The Twins aren’t pleased with LSU going after Johnson without giving the team any notice. Johnson told the Twins on Saturday he was considering the job and accepted it a day later. He did not seek a raise from the $400,000 the Twins were paying him.
In the age of biometric and statistical analysis, pitching coaches have gained increasing clout within many organizations and in some cases have greater job security than the manager. They’re also asked to work longer hours, assist in evaluating amateur prospects, and work closely with people whose backgrounds are in medicine, computer science, or kinesiology.
Long gone are the days when the pitching coach was one of the manager’s buddies.
The Twins hired Johnson away from the University of Arkansas before the 2019 season. His contract prohibited him from making a lateral move to another major league team but contained no language about going to the college ranks.
That may be something MLB teams will want to include. SEC and ACC schools are paying exorbitant salaries for baseball coaches and offering a better lifestyle. When Clemson hired Erik Bakich away from Michigan to be its coach, his contract was for six years and $6.25 million.
It seems incredible a college pitching coach would merit $750,000. But LSU’s average ticket is $41 at its 10,326-seat ballpark.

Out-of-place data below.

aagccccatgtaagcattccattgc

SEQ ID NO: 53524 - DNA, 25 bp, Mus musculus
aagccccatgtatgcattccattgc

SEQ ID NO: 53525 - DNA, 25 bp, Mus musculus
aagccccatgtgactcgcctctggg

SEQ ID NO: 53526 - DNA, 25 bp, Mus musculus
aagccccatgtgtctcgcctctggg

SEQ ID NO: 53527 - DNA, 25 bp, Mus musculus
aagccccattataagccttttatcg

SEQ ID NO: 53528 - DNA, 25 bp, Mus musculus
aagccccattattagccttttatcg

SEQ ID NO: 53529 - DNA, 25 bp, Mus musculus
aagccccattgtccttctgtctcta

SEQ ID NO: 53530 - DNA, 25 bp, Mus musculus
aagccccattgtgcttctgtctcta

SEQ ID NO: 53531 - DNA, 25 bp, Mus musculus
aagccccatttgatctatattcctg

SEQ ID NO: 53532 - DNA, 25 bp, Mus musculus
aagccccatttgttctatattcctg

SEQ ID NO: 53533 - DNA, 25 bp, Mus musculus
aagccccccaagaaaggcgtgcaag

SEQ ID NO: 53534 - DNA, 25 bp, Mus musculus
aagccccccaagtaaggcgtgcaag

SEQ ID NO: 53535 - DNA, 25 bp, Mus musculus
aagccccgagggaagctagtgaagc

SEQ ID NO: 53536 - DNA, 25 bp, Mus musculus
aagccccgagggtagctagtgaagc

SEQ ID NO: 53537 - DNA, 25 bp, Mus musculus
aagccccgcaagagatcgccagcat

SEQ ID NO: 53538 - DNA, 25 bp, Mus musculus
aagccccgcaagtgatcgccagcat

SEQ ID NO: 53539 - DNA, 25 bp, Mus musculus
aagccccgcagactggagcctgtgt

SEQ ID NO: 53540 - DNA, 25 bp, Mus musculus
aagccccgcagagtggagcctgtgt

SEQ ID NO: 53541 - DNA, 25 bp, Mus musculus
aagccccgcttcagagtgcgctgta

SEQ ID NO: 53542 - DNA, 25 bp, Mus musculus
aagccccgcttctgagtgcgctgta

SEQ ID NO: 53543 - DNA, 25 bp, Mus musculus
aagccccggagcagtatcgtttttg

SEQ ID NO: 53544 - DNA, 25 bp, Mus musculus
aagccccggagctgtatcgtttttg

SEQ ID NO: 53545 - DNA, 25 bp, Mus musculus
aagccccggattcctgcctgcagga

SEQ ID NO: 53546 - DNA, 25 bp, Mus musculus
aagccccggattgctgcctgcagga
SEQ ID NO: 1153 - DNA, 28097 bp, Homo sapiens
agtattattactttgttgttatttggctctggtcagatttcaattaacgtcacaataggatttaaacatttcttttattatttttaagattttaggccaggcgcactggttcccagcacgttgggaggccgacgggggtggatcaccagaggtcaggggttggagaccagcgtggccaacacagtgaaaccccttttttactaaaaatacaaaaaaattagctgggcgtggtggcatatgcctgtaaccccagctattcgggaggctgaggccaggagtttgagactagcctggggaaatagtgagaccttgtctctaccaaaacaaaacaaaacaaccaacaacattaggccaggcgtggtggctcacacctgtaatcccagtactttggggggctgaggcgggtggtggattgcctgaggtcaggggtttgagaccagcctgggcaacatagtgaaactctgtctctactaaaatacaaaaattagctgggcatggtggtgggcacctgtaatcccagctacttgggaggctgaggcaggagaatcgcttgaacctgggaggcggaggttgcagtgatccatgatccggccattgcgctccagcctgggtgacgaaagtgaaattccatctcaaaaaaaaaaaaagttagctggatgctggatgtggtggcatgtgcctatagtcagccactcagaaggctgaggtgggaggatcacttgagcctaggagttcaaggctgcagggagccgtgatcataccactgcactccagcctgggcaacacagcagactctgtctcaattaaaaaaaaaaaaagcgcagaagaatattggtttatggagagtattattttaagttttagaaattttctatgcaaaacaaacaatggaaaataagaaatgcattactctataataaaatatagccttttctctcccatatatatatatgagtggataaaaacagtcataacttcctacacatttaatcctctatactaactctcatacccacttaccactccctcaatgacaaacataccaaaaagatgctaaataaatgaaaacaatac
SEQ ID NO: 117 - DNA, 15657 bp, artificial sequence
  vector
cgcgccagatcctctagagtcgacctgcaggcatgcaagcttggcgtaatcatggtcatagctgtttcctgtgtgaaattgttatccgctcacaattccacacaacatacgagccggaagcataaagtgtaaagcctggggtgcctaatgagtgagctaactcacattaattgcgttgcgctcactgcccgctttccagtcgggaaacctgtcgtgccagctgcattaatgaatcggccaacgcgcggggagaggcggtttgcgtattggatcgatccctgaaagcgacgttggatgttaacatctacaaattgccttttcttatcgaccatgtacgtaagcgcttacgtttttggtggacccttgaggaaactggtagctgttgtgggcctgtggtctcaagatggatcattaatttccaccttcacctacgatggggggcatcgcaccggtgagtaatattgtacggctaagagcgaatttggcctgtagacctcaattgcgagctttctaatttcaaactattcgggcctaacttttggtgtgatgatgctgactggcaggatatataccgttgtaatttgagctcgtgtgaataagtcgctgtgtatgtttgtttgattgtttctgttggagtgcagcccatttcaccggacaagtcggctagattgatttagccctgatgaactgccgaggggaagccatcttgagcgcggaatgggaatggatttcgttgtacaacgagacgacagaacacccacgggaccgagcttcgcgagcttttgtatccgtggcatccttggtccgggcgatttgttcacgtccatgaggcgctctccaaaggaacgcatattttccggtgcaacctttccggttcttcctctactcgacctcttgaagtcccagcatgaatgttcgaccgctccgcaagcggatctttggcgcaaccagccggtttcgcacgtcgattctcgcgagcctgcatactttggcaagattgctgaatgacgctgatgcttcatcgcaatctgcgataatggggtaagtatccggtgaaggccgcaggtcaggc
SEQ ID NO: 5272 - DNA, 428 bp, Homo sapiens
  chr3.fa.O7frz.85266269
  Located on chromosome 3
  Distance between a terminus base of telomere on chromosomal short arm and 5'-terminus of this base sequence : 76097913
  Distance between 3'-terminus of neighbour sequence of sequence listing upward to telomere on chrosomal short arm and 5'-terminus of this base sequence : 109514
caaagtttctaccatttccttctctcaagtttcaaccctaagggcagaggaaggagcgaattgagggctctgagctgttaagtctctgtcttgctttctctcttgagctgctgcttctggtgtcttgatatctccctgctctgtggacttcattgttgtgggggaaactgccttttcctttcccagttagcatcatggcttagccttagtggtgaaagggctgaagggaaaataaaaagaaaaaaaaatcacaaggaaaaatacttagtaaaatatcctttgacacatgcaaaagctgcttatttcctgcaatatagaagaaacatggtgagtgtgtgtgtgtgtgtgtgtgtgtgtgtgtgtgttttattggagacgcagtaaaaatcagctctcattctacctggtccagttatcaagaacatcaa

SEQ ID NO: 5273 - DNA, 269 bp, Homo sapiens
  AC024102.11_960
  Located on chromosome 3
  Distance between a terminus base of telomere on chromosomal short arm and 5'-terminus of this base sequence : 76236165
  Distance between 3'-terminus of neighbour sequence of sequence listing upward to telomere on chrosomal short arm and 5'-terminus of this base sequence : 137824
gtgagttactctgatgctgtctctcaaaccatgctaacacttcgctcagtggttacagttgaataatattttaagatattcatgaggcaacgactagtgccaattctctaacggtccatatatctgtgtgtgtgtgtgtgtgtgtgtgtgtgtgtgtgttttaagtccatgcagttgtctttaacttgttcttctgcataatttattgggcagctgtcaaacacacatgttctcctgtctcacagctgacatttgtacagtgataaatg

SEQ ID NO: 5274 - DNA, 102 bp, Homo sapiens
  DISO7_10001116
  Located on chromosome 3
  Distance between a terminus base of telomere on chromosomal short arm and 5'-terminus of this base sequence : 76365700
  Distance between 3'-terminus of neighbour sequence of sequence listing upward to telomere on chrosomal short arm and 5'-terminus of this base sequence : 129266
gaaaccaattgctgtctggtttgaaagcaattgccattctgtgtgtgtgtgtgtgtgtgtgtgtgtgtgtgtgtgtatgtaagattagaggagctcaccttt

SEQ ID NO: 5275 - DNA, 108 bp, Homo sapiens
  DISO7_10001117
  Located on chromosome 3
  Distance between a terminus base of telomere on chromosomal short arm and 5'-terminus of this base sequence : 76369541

Freddie Freeman joined Trevor Story as players who weren’t happy with their agency, Excel Sports Management, after landing nine-figure deals. Freeman made an emotional return to Atlanta with the Dodgers last weekend, crying more than Will Hunting in Sean Maguire’s office. Then came word that he had fired Excel. Freeman admitted only that the situation was “fluid” but it’s clear he wanted to stay with the Braves as opposed to the six-year, $162 million deal he received from the Dodgers. He carried on so much that Clayton Kershaw told the Atlanta Journal-Constitution, “I hope we’re not second fiddle. It’s a pretty special team over here, too.” The Red Sox signed Story for six years and $140 million. He fired Excel a few weeks later. Story has declined to comment on his reasons … The Astros played nine consecutive games against the Yankees and Mets starting June 23. They went 7-2 and both losses were walkoffs. Justin Verlander pitched twice, allowing one run on six hits over 15 innings. The 39-year-old is 10-3 with a 2.03 ERA after Tommy John surgery limited him to one start in 2020-21 … Angels reliever Archie Bradley fractured his right elbow when he tumbled over the dugout railing rushing to join the brawl against the Mariners last Sunday. He could miss two months … Chad Kuhl’s three-hit shutout of the Dodgers on Monday came out of nowhere. The 29-year-old Colorado righthander had not pitched a complete game in his six seasons in the majors, never mind a shutout. The Dodgers also came into the game having averaged 5.13 runs, tops in the majors. The game took 2:19 and was only the 27th individual shutout in the 27 seasons Coors Field has been open … Jack Leiter, the second overall pick of the 2021 draft by the Rangers, is 2-6 with a 5.36 ERA in 13 games for Double A Frisco. The 22-year-old from Vanderbilt missed his last start to deal with command issues. He has walked 28 over 48⅔ innings, and 13 in the last 14 … Maria Amanda Flores of Northeastern was one of the recipients of the Michael Weiner Scholarship for Labor Studies, a program funded by the Players Association in honor of its former executive director, who died in 2013 of brain cancer. Flores is chair of the Northeastern Employment and Law Association … The Orioles were 14-12 in June. It was their first winning month since August 2017 … Casey Motter, the Braves public address announcer since 2007, died unexpectedly at age 53. Former Atlanta executive Frank Wren heard Motter announce a youth football game in 2006 and encouraged him to try out. His first three words before every game, “Hellooo baseball fans!” became a signature … Congratulations to Yarmouth-Dennis manager Scott Pickler, who set the Cape Cod Baseball League record for wins last weekend when he won his 540th game. Pickler has been the Y-D manager since 1997. The record had belonged to John Schiffner, who managed Chatham from 1993-2017 … For his upcoming book on comedian Sid Caesar, David Margolick is looking for any information or recollections about Caesar’s visit to Boston and Fenway Park on Opening Day 1954, which included a gala dinner for local sports luminaries thrown by the Sports Lodge of the Boston B’nai B’rith. Reach David at firstname.lastname@example.org … Happy birthday to Frank Tanana, who is 69. The lefthander was 240-236 with a 3.66 ERA over 21 seasons. That included going 4-10 for the 1981 Red Sox. Tanana came to the Sox as part of the reviled trade that sent Fred Lynn to the Angels. Danny Heep is 65. The outfielder and first baseman played for the Sox from 1989-90 and hit .278 in 154 games.